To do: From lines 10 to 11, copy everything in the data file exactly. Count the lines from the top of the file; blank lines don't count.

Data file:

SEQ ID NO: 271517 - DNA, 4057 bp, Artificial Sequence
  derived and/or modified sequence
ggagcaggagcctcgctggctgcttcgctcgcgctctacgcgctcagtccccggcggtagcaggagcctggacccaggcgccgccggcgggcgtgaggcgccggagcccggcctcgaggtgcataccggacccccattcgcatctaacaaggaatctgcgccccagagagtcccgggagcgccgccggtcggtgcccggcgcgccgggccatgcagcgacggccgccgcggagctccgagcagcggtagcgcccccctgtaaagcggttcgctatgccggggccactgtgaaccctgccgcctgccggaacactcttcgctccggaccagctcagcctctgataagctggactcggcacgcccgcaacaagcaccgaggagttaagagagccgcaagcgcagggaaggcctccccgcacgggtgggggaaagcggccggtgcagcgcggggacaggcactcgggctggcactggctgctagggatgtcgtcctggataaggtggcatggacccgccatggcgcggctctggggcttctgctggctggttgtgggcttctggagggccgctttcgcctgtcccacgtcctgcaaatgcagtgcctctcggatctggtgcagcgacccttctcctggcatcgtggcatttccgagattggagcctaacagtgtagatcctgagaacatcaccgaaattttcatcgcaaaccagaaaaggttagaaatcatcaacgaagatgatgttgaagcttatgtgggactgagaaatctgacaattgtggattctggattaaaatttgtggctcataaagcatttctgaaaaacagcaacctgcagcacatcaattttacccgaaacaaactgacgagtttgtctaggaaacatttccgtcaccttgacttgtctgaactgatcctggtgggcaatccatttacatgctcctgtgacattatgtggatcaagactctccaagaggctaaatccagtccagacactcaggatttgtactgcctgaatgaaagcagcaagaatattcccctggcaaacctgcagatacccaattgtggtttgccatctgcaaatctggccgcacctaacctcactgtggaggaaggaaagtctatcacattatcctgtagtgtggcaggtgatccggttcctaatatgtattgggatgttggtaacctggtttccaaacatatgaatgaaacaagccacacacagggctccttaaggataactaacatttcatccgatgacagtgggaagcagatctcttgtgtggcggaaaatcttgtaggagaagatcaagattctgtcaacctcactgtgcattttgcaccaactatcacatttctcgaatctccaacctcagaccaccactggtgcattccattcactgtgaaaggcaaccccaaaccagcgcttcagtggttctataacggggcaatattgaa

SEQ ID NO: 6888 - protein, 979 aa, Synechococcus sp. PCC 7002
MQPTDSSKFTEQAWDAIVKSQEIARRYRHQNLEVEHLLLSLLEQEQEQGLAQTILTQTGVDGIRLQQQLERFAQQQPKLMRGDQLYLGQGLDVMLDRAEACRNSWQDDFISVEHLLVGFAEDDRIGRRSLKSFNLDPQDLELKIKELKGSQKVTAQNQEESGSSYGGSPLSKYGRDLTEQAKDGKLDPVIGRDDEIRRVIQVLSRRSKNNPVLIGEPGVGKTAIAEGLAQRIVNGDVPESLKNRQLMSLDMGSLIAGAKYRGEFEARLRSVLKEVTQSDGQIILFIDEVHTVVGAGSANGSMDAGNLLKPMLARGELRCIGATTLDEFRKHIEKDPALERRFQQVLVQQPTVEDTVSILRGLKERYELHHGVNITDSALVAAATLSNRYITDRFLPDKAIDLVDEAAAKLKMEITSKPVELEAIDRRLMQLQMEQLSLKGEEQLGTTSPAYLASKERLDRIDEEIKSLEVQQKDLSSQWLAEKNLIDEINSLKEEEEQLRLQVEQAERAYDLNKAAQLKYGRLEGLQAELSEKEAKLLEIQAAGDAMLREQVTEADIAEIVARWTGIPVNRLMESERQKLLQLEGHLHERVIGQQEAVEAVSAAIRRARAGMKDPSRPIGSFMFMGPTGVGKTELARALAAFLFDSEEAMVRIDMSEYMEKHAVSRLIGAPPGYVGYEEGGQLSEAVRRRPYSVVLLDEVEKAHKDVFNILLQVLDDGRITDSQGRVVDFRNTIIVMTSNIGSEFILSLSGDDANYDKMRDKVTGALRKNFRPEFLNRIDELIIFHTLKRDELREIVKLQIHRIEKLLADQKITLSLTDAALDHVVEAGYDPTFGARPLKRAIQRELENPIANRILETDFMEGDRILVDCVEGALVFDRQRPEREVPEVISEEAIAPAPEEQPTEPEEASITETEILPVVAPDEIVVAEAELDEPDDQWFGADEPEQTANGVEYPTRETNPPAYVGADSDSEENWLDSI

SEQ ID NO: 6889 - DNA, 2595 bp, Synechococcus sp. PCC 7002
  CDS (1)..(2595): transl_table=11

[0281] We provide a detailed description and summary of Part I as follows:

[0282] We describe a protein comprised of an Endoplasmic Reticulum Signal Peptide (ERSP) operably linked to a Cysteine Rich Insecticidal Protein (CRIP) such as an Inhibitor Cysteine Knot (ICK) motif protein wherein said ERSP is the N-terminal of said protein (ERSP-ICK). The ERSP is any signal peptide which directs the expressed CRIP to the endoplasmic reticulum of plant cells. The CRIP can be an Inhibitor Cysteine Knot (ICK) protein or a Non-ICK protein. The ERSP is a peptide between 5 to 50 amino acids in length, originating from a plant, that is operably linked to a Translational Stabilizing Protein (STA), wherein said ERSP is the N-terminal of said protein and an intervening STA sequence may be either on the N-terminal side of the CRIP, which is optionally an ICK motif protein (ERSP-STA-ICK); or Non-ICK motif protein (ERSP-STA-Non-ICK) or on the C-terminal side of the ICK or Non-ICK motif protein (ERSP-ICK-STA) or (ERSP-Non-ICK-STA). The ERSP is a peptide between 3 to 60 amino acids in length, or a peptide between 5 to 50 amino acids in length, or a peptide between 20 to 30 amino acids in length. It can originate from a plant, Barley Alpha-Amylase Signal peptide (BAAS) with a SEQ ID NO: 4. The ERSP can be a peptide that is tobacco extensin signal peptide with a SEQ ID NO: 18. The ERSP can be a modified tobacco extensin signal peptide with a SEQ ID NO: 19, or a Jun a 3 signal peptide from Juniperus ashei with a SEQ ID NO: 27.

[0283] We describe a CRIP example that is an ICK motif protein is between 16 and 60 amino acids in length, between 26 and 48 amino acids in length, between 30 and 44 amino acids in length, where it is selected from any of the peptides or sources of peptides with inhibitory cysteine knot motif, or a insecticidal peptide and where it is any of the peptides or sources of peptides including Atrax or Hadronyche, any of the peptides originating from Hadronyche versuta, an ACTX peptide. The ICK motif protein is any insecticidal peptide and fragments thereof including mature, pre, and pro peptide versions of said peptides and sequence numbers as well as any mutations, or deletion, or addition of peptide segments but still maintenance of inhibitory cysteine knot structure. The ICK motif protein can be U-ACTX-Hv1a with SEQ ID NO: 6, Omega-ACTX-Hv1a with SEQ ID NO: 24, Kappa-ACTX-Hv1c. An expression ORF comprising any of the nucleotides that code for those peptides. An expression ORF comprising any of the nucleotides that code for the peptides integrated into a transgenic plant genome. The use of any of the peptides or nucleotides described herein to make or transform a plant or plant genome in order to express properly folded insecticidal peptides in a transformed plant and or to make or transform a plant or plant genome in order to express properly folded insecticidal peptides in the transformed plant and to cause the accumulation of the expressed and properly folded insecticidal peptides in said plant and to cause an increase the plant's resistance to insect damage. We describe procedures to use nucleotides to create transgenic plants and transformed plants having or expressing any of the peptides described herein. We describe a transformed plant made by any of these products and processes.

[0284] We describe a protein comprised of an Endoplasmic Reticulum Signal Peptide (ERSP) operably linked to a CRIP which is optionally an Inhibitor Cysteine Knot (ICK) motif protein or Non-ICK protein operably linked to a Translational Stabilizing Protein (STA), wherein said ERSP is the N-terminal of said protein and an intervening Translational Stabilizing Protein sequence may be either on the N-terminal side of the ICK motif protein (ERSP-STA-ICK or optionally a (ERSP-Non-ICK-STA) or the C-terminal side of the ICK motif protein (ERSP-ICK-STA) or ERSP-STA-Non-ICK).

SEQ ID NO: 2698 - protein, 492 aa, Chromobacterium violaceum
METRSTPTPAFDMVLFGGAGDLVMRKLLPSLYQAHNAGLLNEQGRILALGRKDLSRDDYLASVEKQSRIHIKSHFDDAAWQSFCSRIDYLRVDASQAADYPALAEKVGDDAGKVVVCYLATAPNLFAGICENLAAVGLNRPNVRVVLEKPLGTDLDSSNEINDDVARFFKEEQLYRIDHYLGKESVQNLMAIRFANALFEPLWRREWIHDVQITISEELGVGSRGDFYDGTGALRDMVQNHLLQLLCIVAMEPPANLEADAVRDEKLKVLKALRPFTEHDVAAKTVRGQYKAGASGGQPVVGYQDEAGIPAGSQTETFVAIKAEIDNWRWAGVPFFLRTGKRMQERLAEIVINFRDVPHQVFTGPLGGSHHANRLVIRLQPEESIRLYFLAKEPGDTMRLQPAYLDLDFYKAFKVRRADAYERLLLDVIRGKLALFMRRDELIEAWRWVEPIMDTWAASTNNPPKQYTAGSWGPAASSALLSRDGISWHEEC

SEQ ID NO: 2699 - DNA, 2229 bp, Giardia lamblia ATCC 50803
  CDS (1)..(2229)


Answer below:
[0283] We describe a CRIP example that is an ICK motif protein is between 16 and 60 amino acids in length, between 26 and 48 amino acids in length, between 30 and 44 amino acids in length, where it is selected from any of the peptides or sources of peptides with inhibitory cysteine knot motif, or a insecticidal peptide and where it is any of the peptides or sources of peptides including Atrax or Hadronyche, any of the peptides originating from Hadronyche versuta, an ACTX peptide. The ICK motif protein is any insecticidal peptide and fragments thereof including mature, pre, and pro peptide versions of said peptides and sequence numbers as well as any mutations, or deletion, or addition of peptide segments but still maintenance of inhibitory cysteine knot structure. The ICK motif protein can be U-ACTX-Hv1a with SEQ ID NO: 6, Omega-ACTX-Hv1a with SEQ ID NO: 24, Kappa-ACTX-Hv1c. An expression ORF comprising any of the nucleotides that code for those peptides. An expression ORF comprising any of the nucleotides that code for the peptides integrated into a transgenic plant genome. The use of any of the peptides or nucleotides described herein to make or transform a plant or plant genome in order to express properly folded insecticidal peptides in a transformed plant and or to make or transform a plant or plant genome in order to express properly folded insecticidal peptides in the transformed plant and to cause the accumulation of the expressed and properly folded insecticidal peptides in said plant and to cause an increase the plant's resistance to insect damage. We describe procedures to use nucleotides to create transgenic plants and transformed plants having or expressing any of the peptides described herein. We describe a transformed plant made by any of these products and processes.

[0284] We describe a protein comprised of an Endoplasmic Reticulum Signal Peptide (ERSP) operably linked to a CRIP which is optionally an Inhibitor Cysteine Knot (ICK) motif protein or Non-ICK protein operably linked to a Translational Stabilizing Protein (STA), wherein said ERSP is the N-terminal of said protein and an intervening Translational Stabilizing Protein sequence may be either on the N-terminal side of the ICK motif protein (ERSP-STA-ICK or optionally a (ERSP-Non-ICK-STA) or the C-terminal side of the ICK motif protein (ERSP-ICK-STA) or ERSP-STA-Non-ICK).